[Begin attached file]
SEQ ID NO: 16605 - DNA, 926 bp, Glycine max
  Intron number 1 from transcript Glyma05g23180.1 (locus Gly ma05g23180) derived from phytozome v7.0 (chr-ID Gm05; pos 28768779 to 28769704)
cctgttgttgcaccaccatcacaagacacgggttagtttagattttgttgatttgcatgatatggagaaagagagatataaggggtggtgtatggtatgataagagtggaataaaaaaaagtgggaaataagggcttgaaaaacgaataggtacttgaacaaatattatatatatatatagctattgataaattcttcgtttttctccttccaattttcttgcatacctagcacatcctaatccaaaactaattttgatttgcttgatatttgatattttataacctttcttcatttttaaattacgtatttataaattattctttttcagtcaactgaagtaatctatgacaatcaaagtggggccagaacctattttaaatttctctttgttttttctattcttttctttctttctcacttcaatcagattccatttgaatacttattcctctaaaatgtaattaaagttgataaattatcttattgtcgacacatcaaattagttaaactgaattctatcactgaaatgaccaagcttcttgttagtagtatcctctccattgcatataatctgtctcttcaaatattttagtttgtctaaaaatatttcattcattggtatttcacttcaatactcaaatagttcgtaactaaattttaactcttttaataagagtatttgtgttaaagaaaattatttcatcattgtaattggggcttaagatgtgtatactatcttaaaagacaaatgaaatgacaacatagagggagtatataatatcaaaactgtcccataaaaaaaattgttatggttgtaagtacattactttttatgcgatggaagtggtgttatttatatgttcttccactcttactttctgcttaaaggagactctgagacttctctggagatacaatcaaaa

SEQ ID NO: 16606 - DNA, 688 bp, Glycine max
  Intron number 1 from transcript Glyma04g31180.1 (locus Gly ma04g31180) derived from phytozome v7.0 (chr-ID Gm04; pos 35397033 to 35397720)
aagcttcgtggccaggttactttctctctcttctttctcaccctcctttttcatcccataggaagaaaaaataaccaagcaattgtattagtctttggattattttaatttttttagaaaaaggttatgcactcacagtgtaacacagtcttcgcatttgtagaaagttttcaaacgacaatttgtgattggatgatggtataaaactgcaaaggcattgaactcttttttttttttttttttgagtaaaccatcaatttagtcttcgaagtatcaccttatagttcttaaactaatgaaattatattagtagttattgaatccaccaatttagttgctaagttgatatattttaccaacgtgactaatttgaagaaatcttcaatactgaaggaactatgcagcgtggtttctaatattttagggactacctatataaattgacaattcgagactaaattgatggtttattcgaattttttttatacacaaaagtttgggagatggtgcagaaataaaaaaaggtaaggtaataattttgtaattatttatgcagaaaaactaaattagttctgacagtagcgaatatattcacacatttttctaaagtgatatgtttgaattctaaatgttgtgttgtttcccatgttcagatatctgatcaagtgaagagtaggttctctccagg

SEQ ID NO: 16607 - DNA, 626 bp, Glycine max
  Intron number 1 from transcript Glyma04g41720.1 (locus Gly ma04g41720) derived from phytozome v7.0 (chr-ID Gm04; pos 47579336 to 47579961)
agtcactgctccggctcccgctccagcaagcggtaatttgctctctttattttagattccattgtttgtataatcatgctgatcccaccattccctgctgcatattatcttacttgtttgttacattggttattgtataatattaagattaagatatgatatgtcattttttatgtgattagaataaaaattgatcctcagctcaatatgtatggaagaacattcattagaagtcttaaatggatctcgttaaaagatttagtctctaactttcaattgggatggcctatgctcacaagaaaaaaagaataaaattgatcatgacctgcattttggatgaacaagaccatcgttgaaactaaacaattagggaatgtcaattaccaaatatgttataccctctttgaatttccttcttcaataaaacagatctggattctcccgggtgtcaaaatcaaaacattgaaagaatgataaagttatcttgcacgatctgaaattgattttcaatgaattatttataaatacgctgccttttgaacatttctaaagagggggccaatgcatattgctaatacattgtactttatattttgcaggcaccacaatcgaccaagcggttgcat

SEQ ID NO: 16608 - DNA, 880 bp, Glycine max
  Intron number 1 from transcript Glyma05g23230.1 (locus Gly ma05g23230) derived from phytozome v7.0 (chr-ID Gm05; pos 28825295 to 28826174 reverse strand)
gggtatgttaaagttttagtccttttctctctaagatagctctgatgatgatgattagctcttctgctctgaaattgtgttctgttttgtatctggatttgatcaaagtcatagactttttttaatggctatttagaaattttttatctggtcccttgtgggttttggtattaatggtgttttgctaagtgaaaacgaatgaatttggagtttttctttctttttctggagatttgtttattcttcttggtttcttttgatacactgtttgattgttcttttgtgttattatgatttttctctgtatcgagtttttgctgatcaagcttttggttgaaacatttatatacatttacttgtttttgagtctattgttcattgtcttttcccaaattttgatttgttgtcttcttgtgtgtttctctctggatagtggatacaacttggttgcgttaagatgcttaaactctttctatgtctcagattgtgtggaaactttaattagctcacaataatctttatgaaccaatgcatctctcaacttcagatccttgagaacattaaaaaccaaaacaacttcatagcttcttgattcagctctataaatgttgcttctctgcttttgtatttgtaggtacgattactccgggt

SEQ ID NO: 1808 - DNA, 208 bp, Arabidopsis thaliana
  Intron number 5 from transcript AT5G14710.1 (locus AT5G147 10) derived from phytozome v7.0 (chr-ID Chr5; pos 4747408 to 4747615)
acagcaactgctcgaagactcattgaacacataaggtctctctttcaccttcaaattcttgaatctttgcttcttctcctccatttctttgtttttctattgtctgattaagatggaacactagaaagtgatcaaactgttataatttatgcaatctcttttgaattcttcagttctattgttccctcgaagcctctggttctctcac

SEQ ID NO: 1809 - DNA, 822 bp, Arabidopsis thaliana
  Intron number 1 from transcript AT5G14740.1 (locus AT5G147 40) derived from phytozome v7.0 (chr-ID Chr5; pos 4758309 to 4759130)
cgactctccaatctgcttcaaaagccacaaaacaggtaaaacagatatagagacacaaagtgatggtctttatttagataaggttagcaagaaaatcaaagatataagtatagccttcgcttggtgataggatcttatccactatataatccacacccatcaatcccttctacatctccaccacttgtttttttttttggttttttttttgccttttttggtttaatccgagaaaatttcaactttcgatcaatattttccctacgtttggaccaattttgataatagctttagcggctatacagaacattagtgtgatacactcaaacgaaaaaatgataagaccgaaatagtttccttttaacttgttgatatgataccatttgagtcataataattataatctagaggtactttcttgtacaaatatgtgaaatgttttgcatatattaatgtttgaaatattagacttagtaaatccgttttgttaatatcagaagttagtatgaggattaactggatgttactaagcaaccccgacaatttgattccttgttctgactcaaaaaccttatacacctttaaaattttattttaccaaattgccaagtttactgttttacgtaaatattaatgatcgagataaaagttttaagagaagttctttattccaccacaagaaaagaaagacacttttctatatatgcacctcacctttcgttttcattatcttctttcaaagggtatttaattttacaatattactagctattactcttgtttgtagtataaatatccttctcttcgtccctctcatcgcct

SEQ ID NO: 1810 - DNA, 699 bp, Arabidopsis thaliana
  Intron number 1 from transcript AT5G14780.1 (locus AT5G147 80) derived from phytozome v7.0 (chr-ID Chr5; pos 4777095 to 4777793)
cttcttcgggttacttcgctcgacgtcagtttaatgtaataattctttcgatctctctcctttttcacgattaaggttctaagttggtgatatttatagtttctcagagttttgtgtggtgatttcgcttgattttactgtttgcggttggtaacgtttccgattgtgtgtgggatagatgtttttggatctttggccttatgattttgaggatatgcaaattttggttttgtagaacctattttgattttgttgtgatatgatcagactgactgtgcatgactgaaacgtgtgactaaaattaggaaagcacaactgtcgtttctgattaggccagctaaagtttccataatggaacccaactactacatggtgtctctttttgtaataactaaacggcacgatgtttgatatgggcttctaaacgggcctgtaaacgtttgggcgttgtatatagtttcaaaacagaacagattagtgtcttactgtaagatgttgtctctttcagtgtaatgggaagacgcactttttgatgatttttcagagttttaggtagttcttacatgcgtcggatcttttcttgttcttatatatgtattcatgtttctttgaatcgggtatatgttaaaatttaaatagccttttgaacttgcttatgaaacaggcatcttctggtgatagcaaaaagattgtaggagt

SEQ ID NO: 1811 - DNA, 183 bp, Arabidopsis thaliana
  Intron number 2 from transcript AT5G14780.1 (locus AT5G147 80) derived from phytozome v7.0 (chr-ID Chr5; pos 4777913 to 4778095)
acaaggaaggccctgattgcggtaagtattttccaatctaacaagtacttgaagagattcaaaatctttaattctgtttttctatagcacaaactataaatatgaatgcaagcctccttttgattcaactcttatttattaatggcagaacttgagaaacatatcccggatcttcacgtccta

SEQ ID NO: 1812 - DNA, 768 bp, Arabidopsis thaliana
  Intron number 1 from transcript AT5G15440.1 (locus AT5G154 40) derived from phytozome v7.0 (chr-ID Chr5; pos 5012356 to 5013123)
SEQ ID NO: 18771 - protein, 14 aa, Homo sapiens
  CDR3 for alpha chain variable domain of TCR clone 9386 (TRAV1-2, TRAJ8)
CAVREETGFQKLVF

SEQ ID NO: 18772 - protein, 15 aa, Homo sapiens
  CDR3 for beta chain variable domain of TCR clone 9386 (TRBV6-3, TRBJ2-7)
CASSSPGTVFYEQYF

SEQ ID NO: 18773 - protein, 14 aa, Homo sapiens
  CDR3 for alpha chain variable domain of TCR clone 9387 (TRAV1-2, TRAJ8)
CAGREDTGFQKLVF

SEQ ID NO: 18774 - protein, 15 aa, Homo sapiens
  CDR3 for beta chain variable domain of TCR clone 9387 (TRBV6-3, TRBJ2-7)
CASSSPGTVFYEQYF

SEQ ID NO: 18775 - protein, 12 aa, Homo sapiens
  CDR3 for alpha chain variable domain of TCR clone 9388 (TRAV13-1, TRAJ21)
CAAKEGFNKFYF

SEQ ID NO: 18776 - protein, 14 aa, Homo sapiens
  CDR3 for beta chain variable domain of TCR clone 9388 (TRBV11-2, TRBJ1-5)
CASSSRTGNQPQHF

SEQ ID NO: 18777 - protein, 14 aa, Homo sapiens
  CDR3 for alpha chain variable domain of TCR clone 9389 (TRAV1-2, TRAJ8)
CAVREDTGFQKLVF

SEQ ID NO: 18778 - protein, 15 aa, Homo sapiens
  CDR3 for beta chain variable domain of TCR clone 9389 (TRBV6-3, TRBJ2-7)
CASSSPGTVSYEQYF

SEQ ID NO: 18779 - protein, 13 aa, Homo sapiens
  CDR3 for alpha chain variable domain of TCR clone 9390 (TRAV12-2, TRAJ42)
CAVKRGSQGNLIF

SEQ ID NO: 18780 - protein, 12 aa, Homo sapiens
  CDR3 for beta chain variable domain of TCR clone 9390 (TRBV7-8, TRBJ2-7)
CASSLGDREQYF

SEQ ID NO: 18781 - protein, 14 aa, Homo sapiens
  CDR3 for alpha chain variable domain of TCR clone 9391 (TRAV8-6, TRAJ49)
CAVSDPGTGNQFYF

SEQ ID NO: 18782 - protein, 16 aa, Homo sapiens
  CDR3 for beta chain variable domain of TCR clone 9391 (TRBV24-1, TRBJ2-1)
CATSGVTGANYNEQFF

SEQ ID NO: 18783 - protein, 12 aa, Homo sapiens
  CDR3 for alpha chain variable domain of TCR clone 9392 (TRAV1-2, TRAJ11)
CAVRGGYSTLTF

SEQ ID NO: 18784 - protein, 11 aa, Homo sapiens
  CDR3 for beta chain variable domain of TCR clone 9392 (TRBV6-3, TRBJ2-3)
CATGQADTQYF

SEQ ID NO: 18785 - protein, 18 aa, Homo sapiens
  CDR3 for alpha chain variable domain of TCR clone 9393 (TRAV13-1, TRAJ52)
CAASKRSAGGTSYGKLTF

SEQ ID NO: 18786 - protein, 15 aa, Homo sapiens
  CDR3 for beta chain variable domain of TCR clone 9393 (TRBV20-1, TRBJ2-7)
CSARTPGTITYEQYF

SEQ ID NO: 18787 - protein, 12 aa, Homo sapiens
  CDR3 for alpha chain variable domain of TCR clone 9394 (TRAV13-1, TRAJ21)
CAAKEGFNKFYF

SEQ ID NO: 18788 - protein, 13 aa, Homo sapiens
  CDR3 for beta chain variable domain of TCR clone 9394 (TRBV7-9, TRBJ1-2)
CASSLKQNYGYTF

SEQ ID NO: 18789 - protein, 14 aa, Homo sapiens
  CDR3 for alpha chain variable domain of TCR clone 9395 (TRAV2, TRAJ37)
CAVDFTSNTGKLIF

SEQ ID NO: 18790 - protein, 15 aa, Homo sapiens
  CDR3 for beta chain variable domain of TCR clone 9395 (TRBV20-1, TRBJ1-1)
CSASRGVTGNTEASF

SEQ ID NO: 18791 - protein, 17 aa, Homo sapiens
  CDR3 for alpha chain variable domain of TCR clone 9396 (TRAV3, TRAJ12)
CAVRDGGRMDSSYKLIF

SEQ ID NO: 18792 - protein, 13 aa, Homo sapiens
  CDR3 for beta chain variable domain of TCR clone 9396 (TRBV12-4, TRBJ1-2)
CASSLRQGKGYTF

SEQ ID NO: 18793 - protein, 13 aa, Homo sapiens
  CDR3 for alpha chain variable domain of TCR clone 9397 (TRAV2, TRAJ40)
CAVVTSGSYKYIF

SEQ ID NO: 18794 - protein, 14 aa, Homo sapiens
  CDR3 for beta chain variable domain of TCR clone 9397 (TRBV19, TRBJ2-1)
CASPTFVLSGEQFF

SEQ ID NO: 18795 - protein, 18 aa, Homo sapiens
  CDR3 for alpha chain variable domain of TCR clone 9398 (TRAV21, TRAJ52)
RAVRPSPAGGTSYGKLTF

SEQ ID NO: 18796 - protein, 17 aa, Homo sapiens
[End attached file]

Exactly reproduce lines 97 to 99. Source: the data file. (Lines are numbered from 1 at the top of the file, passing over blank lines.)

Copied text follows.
  CDR3 for beta chain variable domain of TCR clone 9397 (TRBV19, TRBJ2-1)
CASPTFVLSGEQFF

SEQ ID NO: 18795 - protein, 18 aa, Homo sapiens